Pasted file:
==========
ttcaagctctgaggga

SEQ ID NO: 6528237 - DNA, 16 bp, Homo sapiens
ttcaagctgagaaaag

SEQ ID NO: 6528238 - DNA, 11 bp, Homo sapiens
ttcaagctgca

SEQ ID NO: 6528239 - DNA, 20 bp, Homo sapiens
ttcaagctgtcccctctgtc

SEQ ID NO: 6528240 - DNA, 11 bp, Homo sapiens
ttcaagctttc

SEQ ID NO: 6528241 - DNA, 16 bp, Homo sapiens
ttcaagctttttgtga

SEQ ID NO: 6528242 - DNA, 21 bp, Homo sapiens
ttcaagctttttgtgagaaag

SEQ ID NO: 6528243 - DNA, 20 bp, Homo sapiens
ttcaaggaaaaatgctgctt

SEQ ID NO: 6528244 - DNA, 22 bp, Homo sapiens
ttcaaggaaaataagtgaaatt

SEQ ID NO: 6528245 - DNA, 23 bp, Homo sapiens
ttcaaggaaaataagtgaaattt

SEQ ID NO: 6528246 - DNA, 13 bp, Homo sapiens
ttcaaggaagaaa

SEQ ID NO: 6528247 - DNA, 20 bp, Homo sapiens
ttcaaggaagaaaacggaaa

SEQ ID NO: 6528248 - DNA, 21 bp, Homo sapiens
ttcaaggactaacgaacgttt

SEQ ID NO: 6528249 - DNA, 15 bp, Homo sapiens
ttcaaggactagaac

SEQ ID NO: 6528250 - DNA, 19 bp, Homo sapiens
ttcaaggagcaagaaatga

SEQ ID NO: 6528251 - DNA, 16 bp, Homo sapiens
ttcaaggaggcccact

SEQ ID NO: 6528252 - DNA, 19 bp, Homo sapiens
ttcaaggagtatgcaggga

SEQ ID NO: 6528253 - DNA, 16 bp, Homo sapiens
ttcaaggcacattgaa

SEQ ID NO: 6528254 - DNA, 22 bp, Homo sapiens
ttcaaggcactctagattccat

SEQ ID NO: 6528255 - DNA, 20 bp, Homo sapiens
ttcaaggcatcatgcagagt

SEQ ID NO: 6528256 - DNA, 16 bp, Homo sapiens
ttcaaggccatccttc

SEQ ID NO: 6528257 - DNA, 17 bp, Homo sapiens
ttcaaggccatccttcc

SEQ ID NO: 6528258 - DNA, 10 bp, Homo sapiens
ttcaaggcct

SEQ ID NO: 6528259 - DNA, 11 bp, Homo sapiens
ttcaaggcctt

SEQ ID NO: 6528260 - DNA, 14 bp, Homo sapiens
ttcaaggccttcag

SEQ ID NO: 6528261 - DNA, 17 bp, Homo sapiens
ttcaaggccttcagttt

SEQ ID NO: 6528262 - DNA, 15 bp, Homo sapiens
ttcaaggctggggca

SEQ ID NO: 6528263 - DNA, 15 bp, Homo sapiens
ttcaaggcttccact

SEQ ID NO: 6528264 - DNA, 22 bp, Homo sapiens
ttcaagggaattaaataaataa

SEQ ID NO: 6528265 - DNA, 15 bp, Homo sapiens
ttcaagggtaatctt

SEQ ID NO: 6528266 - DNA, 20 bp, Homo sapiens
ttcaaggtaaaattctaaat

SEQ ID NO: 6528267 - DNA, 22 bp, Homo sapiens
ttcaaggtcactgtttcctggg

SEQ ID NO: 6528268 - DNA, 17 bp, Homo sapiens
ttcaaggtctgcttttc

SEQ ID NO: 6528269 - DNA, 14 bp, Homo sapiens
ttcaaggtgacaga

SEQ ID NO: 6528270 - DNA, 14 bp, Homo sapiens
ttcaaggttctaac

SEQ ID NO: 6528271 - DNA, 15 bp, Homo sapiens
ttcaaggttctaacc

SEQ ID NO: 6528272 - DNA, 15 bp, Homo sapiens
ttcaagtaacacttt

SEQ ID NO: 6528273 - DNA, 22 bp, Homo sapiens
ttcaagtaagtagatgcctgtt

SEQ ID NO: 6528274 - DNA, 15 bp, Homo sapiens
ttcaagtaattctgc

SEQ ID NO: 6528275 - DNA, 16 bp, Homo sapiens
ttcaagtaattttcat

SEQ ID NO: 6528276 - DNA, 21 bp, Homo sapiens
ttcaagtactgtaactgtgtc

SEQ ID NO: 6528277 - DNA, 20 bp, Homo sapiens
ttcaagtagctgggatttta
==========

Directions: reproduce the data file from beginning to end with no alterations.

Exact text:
ttcaagctctgaggga

SEQ ID NO: 6528237 - DNA, 16 bp, Homo sapiens
ttcaagctgagaaaag

SEQ ID NO: 6528238 - DNA, 11 bp, Homo sapiens
ttcaagctgca

SEQ ID NO: 6528239 - DNA, 20 bp, Homo sapiens
ttcaagctgtcccctctgtc

SEQ ID NO: 6528240 - DNA, 11 bp, Homo sapiens
ttcaagctttc

SEQ ID NO: 6528241 - DNA, 16 bp, Homo sapiens
ttcaagctttttgtga

SEQ ID NO: 6528242 - DNA, 21 bp, Homo sapiens
ttcaagctttttgtgagaaag

SEQ ID NO: 6528243 - DNA, 20 bp, Homo sapiens
ttcaaggaaaaatgctgctt

SEQ ID NO: 6528244 - DNA, 22 bp, Homo sapiens
ttcaaggaaaataagtgaaatt

SEQ ID NO: 6528245 - DNA, 23 bp, Homo sapiens
ttcaaggaaaataagtgaaattt

SEQ ID NO: 6528246 - DNA, 13 bp, Homo sapiens
ttcaaggaagaaa

SEQ ID NO: 6528247 - DNA, 20 bp, Homo sapiens
ttcaaggaagaaaacggaaa

SEQ ID NO: 6528248 - DNA, 21 bp, Homo sapiens
ttcaaggactaacgaacgttt

SEQ ID NO: 6528249 - DNA, 15 bp, Homo sapiens
ttcaaggactagaac

SEQ ID NO: 6528250 - DNA, 19 bp, Homo sapiens
ttcaaggagcaagaaatga

SEQ ID NO: 6528251 - DNA, 16 bp, Homo sapiens
ttcaaggaggcccact

SEQ ID NO: 6528252 - DNA, 19 bp, Homo sapiens
ttcaaggagtatgcaggga

SEQ ID NO: 6528253 - DNA, 16 bp, Homo sapiens
ttcaaggcacattgaa

SEQ ID NO: 6528254 - DNA, 22 bp, Homo sapiens
ttcaaggcactctagattccat

SEQ ID NO: 6528255 - DNA, 20 bp, Homo sapiens
ttcaaggcatcatgcagagt

SEQ ID NO: 6528256 - DNA, 16 bp, Homo sapiens
ttcaaggccatccttc

SEQ ID NO: 6528257 - DNA, 17 bp, Homo sapiens
ttcaaggccatccttcc

SEQ ID NO: 6528258 - DNA, 10 bp, Homo sapiens
ttcaaggcct

SEQ ID NO: 6528259 - DNA, 11 bp, Homo sapiens
ttcaaggcctt

SEQ ID NO: 6528260 - DNA, 14 bp, Homo sapiens
ttcaaggccttcag

SEQ ID NO: 6528261 - DNA, 17 bp, Homo sapiens
ttcaaggccttcagttt

SEQ ID NO: 6528262 - DNA, 15 bp, Homo sapiens
ttcaaggctggggca

SEQ ID NO: 6528263 - DNA, 15 bp, Homo sapiens
ttcaaggcttccact

SEQ ID NO: 6528264 - DNA, 22 bp, Homo sapiens
ttcaagggaattaaataaataa

SEQ ID NO: 6528265 - DNA, 15 bp, Homo sapiens
ttcaagggtaatctt

SEQ ID NO: 6528266 - DNA, 20 bp, Homo sapiens
ttcaaggtaaaattctaaat

SEQ ID NO: 6528267 - DNA, 22 bp, Homo sapiens
ttcaaggtcactgtttcctggg

SEQ ID NO: 6528268 - DNA, 17 bp, Homo sapiens
ttcaaggtctgcttttc

SEQ ID NO: 6528269 - DNA, 14 bp, Homo sapiens
ttcaaggtgacaga

SEQ ID NO: 6528270 - DNA, 14 bp, Homo sapiens
ttcaaggttctaac

SEQ ID NO: 6528271 - DNA, 15 bp, Homo sapiens
ttcaaggttctaacc

SEQ ID NO: 6528272 - DNA, 15 bp, Homo sapiens
ttcaagtaacacttt

SEQ ID NO: 6528273 - DNA, 22 bp, Homo sapiens
ttcaagtaagtagatgcctgtt

SEQ ID NO: 6528274 - DNA, 15 bp, Homo sapiens
ttcaagtaattctgc

SEQ ID NO: 6528275 - DNA, 16 bp, Homo sapiens
ttcaagtaattttcat

SEQ ID NO: 6528276 - DNA, 21 bp, Homo sapiens
ttcaagtactgtaactgtgtc

SEQ ID NO: 6528277 - DNA, 20 bp, Homo sapiens
ttcaagtagctgggatttta